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Potential for bias in waiting time studies: events between enrolment and admission
  1. B Soboleva,
  2. P Brownb,
  3. D Zeltb
  1. aQueen's Health Policy Research Unit, Queen's University at Kingston, Canada, bDepartment of Surgery, Queen's University at Kingston
  1. Dr Sobolev, Queen's University, 3rd Floor Abramsky Hall, Kingston Ontario K7L 3N6 Canada (bs9{at}


STUDY OBJECTIVE To demonstrate the effect of exclusion of data on delays in scheduling operations in calculating difference in admission rates between two enrolment periods.

DESIGN A prospective cohort study; outcome measure—waiting time for elective admission; study variables—enrolment periods, before 31 March 1997 and after that date; the time of scheduling delay; gender; age; urgency, and type of surgery.

SETTING An acute care hospital in Ontario, Canada.

PARTICIPANTS 1173 consecutive cases accepted for elective vascular surgery between 1 July 1994 and 31 March 1999.

MAIN RESULTS Before adjustment for scheduling delays, a 20% lower admission rate was associated with period 2, rate ratio (RR) = 0.8 (95% confidence intervals (CI)= 0.7, 0.9). The difference between the periods became only marginally significant after the adjustment, RR = 0.9 (95% CI=0.8, 1.0). No difference between the periods was found when admission rates were compared before a delay occurred, RR = 0.9 (95% CI=0.8, 1.1). In delayed patients, those enrolled in period 1 and 2 had, respectively, a 40% and a 60% lower admission rate than the period 1 patients admitted without scheduling delays, RR = 0.6 (95% CI=0.4, 0.8) for period 1 and RR = 0.4 (95%CI=0.3, 0.5) for period 2.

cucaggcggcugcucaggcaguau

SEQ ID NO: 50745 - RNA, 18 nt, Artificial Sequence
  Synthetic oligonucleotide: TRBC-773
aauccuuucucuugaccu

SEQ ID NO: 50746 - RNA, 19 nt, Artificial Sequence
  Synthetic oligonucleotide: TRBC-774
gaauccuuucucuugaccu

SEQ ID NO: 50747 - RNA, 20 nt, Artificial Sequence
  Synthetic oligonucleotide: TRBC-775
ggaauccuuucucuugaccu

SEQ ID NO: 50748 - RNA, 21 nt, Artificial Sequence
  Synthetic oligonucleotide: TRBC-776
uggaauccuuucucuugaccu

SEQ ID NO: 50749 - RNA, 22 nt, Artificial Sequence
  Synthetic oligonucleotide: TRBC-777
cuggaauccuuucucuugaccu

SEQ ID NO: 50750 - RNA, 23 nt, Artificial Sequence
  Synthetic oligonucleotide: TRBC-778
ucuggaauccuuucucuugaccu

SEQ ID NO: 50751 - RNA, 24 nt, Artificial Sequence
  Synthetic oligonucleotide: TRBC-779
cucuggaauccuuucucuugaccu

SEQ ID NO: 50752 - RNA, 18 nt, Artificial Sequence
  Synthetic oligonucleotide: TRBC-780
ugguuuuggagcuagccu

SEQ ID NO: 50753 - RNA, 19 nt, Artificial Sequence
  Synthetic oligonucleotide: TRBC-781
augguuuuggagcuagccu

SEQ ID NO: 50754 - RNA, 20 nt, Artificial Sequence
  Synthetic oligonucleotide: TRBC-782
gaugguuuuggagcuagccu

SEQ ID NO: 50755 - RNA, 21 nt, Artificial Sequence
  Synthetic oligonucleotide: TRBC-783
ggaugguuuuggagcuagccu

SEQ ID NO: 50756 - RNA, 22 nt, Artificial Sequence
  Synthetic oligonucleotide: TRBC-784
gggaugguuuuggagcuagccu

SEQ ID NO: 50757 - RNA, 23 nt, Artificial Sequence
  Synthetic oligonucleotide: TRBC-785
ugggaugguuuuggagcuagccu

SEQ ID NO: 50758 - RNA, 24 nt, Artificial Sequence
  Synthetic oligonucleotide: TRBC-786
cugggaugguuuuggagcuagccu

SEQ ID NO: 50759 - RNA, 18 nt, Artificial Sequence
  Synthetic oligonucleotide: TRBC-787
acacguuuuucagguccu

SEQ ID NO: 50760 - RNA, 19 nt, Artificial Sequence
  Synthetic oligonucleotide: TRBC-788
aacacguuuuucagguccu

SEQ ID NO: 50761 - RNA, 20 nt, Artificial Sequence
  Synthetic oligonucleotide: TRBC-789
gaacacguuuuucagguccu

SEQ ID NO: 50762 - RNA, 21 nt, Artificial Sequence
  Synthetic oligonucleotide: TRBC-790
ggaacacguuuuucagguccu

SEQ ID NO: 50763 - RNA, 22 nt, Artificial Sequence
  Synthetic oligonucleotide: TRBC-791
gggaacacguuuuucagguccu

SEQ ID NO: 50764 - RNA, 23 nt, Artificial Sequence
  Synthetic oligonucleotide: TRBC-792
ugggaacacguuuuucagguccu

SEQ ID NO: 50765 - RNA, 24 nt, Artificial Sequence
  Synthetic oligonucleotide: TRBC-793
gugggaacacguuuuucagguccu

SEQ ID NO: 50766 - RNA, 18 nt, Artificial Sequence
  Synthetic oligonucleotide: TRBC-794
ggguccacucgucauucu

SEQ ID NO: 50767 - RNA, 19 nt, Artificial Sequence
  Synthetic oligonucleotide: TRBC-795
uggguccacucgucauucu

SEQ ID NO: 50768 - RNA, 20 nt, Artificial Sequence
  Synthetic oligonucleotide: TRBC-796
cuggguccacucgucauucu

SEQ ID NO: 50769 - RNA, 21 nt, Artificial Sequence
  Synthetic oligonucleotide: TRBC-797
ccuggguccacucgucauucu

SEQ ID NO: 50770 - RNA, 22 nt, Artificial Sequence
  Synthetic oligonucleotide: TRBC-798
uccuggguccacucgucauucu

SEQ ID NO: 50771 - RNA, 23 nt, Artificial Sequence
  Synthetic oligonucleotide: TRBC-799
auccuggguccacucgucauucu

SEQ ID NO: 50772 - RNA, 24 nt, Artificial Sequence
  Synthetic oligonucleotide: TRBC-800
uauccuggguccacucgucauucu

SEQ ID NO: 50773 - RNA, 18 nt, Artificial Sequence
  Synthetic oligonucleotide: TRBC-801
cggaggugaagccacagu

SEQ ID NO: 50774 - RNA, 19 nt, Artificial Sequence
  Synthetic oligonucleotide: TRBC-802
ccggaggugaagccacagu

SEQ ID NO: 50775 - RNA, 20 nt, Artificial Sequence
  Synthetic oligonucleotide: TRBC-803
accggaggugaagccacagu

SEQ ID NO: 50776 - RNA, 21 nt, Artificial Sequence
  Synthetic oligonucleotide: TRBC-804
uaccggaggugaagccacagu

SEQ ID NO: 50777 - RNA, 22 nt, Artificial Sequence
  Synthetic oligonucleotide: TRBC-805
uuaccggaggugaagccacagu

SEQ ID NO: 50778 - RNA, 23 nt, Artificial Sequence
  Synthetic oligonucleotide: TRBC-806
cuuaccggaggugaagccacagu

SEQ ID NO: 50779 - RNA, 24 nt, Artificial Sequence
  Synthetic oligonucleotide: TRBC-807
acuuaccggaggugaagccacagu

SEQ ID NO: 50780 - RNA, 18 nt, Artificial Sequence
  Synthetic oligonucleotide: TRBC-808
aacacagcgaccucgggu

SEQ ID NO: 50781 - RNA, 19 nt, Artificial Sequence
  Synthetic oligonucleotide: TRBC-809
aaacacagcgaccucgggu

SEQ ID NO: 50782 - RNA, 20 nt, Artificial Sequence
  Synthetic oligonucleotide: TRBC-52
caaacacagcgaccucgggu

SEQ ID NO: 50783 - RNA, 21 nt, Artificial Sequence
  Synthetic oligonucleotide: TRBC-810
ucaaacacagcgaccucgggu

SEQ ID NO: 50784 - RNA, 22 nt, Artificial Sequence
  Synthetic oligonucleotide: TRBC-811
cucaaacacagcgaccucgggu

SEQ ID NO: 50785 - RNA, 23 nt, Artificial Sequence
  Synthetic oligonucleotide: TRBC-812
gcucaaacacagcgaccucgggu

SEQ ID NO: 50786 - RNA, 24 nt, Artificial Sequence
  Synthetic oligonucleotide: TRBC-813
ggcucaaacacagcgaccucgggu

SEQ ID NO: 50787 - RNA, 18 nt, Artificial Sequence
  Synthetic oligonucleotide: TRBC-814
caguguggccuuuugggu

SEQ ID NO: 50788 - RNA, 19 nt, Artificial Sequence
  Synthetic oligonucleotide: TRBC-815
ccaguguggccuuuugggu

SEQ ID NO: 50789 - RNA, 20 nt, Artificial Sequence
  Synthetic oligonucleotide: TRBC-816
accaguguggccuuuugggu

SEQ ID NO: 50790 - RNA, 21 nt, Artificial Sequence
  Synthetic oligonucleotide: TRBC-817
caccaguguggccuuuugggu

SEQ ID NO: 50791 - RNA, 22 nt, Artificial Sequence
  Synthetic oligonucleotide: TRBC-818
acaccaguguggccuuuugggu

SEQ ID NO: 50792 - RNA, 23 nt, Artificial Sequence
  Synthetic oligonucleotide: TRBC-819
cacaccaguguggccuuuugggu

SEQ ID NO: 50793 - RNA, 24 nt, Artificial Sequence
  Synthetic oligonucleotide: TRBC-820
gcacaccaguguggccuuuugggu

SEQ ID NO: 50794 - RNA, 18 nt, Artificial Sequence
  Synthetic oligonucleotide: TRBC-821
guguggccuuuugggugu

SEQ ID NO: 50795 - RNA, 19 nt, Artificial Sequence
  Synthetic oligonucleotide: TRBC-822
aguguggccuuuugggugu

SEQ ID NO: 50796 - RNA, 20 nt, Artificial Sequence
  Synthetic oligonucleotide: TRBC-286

CONCLUSIONS The results provide evidence that patients experiencing a delay in scheduling operation have a lower admission rate after the event. Thus, potential for bias exists when between group comparison of waiting time is done without adjustment for an intermediate event that may occur before elective admission.

  • elective admission
  • between group comparisons

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  • Funding: partial salary support for Dr Sobolev came from the Institute for Clinical Evaluative Sciences, Toronto, Canada.

  • Conflicts of interest: none.